September 27, 2012

Organs are not just a messy mash-up of cells. Their formation is carefully and elegantly orchestrated, with influences from both outside and inside of the cells. Today’s image is from a paper using micropatterned cell culture trickery to show how cell confinement affects epithelial morphogenesis.

During the development of many organs, epithelial morphogenesis transforms cells into sheets of epithelial cells with a functional lumen. These epithelial cells are polarized—one side of the cell faces the inside, or lumen, while the other side faces away from the organ. The process during which a cell becomes polarized relies on several cues, some of which are from the outside physical environment of the cell. Tissue rigidity, water tension, and cell confinement all participate in regulating cell shape and development. A recent paper describes how cell confinement affects lumen formation, a key part of epithelial organ morphogenesis. Rodríguez-Fraticelli and colleagues used surfaces with adhesive micropatterns to simulate cell confinement, and found that cell confinement limits actin contractility around the periphery of the cell, which in turn affects lumen formation. In addition, centrosome positioning is regulated by cell confinement. As seen in the images above, cells in low confinement (right) positioned their centrosomes toward the periphery of the micropatterned area (gray circles), while cells in high confinement (left, middle) positioned their centrosomes (green, arrowheads) toward the side where lumen formation would take place. Bottom row of images shows the side-view (z-stack) of the cells in the top row.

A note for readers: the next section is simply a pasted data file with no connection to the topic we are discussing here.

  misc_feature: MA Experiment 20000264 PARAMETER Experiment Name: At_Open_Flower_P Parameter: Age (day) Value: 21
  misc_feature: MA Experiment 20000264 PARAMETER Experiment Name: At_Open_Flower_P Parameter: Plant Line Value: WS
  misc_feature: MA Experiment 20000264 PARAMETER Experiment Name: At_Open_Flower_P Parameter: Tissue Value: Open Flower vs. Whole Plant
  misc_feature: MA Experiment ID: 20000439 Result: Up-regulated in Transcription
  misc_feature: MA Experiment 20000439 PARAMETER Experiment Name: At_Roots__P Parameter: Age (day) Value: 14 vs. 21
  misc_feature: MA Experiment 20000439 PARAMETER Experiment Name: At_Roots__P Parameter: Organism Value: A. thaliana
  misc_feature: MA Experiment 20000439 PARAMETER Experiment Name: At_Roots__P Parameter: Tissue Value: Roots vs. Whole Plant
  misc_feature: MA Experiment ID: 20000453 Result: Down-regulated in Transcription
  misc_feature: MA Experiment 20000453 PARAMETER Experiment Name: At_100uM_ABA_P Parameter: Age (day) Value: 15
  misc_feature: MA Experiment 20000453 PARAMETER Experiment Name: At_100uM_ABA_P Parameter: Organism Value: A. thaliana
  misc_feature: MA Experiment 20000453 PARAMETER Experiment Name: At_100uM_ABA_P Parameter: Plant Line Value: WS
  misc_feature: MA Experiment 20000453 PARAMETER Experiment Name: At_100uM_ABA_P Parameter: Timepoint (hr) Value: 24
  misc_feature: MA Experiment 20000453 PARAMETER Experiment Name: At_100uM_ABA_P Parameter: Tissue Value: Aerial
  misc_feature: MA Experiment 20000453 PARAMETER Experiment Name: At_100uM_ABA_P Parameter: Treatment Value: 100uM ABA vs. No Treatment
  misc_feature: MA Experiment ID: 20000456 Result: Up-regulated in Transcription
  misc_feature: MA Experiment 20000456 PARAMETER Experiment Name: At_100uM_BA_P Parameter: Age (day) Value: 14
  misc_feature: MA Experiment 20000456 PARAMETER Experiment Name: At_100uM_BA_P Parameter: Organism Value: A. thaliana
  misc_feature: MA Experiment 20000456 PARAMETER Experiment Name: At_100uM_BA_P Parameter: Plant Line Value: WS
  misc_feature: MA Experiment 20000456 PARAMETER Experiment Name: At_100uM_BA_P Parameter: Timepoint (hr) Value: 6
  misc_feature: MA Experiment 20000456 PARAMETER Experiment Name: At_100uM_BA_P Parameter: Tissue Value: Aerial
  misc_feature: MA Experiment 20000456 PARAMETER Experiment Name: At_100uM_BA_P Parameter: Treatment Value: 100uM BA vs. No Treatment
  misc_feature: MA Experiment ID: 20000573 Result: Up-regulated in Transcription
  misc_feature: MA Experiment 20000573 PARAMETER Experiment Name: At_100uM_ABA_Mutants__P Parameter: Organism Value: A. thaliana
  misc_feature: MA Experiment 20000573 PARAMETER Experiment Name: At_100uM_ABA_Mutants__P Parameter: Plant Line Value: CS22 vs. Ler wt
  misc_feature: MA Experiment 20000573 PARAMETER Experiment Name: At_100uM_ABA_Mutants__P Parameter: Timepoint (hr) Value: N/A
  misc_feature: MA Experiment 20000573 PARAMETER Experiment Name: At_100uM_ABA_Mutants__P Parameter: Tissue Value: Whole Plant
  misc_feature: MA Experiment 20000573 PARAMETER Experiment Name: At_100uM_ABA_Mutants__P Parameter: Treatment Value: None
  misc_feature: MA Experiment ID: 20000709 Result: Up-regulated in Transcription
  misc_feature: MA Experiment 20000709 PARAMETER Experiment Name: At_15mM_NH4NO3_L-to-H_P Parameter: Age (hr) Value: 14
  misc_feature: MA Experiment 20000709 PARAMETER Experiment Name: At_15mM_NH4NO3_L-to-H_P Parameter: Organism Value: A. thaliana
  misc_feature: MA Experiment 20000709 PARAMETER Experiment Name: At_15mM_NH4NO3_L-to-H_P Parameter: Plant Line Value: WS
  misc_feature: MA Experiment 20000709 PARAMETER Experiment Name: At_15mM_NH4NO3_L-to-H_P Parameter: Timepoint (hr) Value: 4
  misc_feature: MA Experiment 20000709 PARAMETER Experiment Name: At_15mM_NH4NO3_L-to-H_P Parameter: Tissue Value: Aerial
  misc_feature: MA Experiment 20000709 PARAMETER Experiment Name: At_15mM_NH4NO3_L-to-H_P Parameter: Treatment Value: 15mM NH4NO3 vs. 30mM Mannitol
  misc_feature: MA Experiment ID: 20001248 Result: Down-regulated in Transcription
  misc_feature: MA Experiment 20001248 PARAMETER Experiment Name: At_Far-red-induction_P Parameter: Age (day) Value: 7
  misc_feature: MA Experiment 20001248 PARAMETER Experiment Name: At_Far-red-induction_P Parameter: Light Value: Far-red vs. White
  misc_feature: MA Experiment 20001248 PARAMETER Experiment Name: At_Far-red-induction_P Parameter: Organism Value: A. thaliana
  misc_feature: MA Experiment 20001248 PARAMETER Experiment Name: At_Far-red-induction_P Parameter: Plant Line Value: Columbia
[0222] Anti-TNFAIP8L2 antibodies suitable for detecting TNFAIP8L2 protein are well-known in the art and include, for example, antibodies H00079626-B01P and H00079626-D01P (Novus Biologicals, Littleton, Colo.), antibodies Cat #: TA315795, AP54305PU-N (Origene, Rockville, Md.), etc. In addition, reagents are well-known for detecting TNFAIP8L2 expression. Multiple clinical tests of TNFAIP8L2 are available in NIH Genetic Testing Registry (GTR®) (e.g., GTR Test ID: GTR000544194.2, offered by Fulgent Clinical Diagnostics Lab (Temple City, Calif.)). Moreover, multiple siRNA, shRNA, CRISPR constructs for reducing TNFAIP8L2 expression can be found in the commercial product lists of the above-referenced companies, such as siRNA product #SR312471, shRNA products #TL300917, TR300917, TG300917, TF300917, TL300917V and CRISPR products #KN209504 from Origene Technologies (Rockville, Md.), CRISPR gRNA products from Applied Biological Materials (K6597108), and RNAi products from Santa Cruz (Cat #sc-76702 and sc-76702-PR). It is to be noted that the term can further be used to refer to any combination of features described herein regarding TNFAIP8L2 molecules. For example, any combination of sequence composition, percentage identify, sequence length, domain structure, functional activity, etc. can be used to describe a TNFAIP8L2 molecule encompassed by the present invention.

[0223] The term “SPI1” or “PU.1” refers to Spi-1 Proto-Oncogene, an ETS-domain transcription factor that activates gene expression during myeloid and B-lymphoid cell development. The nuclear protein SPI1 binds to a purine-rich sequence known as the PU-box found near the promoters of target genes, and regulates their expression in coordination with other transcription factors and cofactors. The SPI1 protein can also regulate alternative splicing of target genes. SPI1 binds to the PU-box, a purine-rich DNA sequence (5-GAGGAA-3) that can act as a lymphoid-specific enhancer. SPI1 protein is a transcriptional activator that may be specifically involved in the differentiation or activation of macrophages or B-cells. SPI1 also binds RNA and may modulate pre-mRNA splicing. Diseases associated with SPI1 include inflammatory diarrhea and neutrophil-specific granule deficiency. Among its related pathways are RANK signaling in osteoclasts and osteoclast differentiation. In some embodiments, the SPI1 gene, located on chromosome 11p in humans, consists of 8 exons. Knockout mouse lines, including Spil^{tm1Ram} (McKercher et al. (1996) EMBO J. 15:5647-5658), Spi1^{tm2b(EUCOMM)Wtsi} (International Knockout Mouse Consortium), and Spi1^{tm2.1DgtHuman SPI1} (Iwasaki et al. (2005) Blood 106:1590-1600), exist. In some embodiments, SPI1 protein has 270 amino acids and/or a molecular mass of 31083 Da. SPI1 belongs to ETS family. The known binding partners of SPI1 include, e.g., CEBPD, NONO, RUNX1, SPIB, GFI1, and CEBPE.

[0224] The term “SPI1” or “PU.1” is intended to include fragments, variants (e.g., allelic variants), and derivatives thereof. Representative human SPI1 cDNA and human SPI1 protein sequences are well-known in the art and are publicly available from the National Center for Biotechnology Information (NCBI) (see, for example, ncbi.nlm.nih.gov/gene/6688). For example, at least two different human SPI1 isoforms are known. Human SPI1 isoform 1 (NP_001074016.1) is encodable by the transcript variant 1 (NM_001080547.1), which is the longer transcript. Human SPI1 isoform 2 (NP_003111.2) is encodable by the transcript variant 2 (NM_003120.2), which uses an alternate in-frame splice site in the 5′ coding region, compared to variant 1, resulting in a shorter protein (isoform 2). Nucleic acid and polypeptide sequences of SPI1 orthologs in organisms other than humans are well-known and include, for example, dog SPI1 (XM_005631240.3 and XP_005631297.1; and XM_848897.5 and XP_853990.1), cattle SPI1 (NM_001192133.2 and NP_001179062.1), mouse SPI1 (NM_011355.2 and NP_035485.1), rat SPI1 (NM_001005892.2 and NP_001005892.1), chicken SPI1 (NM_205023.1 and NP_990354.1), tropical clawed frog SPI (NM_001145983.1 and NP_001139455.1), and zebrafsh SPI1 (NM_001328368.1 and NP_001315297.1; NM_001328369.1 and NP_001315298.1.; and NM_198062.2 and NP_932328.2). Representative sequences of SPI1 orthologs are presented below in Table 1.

ResearchBlogging.orgAlejo E. Rodríguez-Fraticelli, Muriel Auzan, Miguel A. Alonso, Michel Bornens, & Fernando Martín-Belmonte (2012). Cell confinement controls centrosome positioning and lumen initiation during epithelial morphogenesis originally published in the Journal of Cell Biology, 198 (6), 1011-1023 DOI: 10.1083/jcb.201203075

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